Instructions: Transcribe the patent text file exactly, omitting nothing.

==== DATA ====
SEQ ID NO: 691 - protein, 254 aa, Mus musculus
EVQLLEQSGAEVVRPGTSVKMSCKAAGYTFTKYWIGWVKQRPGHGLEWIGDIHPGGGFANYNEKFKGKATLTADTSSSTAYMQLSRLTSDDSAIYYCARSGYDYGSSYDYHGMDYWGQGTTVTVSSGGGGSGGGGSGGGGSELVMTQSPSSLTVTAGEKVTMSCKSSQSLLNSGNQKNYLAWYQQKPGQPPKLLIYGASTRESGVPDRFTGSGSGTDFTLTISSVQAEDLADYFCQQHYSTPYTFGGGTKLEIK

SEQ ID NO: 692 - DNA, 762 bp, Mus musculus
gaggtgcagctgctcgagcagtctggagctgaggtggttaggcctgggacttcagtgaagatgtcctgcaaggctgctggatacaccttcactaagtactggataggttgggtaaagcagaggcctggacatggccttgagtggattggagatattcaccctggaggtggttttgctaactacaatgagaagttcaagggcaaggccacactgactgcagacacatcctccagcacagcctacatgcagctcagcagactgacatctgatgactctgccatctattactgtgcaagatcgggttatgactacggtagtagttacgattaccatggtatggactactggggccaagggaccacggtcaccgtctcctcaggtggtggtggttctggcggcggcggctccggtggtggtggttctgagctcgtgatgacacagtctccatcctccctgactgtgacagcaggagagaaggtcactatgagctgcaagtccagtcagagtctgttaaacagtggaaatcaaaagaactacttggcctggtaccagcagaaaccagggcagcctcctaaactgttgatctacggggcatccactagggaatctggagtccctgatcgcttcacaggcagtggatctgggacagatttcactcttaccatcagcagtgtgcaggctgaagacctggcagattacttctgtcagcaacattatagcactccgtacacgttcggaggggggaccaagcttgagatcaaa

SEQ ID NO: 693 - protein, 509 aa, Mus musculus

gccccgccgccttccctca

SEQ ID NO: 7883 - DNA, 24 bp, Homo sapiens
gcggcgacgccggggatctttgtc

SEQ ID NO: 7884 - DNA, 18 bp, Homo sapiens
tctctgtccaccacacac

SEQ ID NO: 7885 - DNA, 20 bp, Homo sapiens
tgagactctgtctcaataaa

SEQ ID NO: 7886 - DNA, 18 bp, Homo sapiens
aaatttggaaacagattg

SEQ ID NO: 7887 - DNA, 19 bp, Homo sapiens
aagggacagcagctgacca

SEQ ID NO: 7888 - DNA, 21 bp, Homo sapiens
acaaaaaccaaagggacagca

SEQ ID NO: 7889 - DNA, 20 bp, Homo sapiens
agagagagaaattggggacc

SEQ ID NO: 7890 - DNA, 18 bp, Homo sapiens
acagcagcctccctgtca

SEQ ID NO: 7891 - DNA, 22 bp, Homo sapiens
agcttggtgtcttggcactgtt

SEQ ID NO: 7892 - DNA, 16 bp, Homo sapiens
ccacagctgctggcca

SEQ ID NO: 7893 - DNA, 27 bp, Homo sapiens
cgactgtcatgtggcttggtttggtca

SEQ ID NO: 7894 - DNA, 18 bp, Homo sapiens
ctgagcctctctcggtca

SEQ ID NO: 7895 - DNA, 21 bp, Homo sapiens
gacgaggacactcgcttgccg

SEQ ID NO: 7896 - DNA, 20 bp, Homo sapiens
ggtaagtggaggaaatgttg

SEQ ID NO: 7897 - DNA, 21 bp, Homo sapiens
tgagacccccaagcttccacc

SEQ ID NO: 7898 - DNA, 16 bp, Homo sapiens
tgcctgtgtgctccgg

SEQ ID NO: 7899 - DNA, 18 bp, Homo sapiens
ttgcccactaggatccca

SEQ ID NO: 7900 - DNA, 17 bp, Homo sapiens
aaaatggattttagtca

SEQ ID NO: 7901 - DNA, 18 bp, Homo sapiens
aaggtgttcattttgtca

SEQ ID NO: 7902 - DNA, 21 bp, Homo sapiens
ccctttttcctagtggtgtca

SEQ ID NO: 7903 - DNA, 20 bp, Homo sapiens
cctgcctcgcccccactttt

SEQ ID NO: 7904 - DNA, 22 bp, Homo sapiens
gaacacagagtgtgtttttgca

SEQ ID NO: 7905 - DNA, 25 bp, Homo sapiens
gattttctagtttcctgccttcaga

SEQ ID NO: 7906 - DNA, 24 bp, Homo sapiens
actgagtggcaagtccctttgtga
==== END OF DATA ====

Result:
SEQ ID NO: 691 - protein, 254 aa, Mus musculus
EVQLLEQSGAEVVRPGTSVKMSCKAAGYTFTKYWIGWVKQRPGHGLEWIGDIHPGGGFANYNEKFKGKATLTADTSSSTAYMQLSRLTSDDSAIYYCARSGYDYGSSYDYHGMDYWGQGTTVTVSSGGGGSGGGGSGGGGSELVMTQSPSSLTVTAGEKVTMSCKSSQSLLNSGNQKNYLAWYQQKPGQPPKLLIYGASTRESGVPDRFTGSGSGTDFTLTISSVQAEDLADYFCQQHYSTPYTFGGGTKLEIK

SEQ ID NO: 692 - DNA, 762 bp, Mus musculus
gaggtgcagctgctcgagcagtctggagctgaggtggttaggcctgggacttcagtgaagatgtcctgcaaggctgctggatacaccttcactaagtactggataggttgggtaaagcagaggcctggacatggccttgagtggattggagatattcaccctggaggtggttttgctaactacaatgagaagttcaagggcaaggccacactgactgcagacacatcctccagcacagcctacatgcagctcagcagactgacatctgatgactctgccatctattactgtgcaagatcgggttatgactacggtagtagttacgattaccatggtatggactactggggccaagggaccacggtcaccgtctcctcaggtggtggtggttctggcggcggcggctccggtggtggtggttctgagctcgtgatgacacagtctccatcctccctgactgtgacagcaggagagaaggtcactatgagctgcaagtccagtcagagtctgttaaacagtggaaatcaaaagaactacttggcctggtaccagcagaaaccagggcagcctcctaaactgttgatctacggggcatccactagggaatctggagtccctgatcgcttcacaggcagtggatctgggacagatttcactcttaccatcagcagtgtgcaggctgaagacctggcagattacttctgtcagcaacattatagcactccgtacacgttcggaggggggaccaagcttgagatcaaa

SEQ ID NO: 693 - protein, 509 aa, Mus musculus

gccccgccgccttccctca

SEQ ID NO: 7883 - DNA, 24 bp, Homo sapiens
gcggcgacgccggggatctttgtc

SEQ ID NO: 7884 - DNA, 18 bp, Homo sapiens
tctctgtccaccacacac

SEQ ID NO: 7885 - DNA, 20 bp, Homo sapiens
tgagactctgtctcaataaa

SEQ ID NO: 7886 - DNA, 18 bp, Homo sapiens
aaatttggaaacagattg

SEQ ID NO: 7887 - DNA, 19 bp, Homo sapiens
aagggacagcagctgacca

SEQ ID NO: 7888 - DNA, 21 bp, Homo sapiens
acaaaaaccaaagggacagca

SEQ ID NO: 7889 - DNA, 20 bp, Homo sapiens
agagagagaaattggggacc

SEQ ID NO: 7890 - DNA, 18 bp, Homo sapiens
acagcagcctccctgtca

SEQ ID NO: 7891 - DNA, 22 bp, Homo sapiens
agcttggtgtcttggcactgtt

SEQ ID NO: 7892 - DNA, 16 bp, Homo sapiens
ccacagctgctggcca

SEQ ID NO: 7893 - DNA, 27 bp, Homo sapiens
cgactgtcatgtggcttggtttggtca

SEQ ID NO: 7894 - DNA, 18 bp, Homo sapiens
ctgagcctctctcggtca

SEQ ID NO: 7895 - DNA, 21 bp, Homo sapiens
gacgaggacactcgcttgccg

SEQ ID NO: 7896 - DNA, 20 bp, Homo sapiens
ggtaagtggaggaaatgttg

SEQ ID NO: 7897 - DNA, 21 bp, Homo sapiens
tgagacccccaagcttccacc

SEQ ID NO: 7898 - DNA, 16 bp, Homo sapiens
tgcctgtgtgctccgg

SEQ ID NO: 7899 - DNA, 18 bp, Homo sapiens
ttgcccactaggatccca

SEQ ID NO: 7900 - DNA, 17 bp, Homo sapiens
aaaatggattttagtca

SEQ ID NO: 7901 - DNA, 18 bp, Homo sapiens
aaggtgttcattttgtca

SEQ ID NO: 7902 - DNA, 21 bp, Homo sapiens
ccctttttcctagtggtgtca

SEQ ID NO: 7903 - DNA, 20 bp, Homo sapiens
cctgcctcgcccccactttt

SEQ ID NO: 7904 - DNA, 22 bp, Homo sapiens
gaacacagagtgtgtttttgca

SEQ ID NO: 7905 - DNA, 25 bp, Homo sapiens
gattttctagtttcctgccttcaga

SEQ ID NO: 7906 - DNA, 24 bp, Homo sapiens
actgagtggcaagtccctttgtga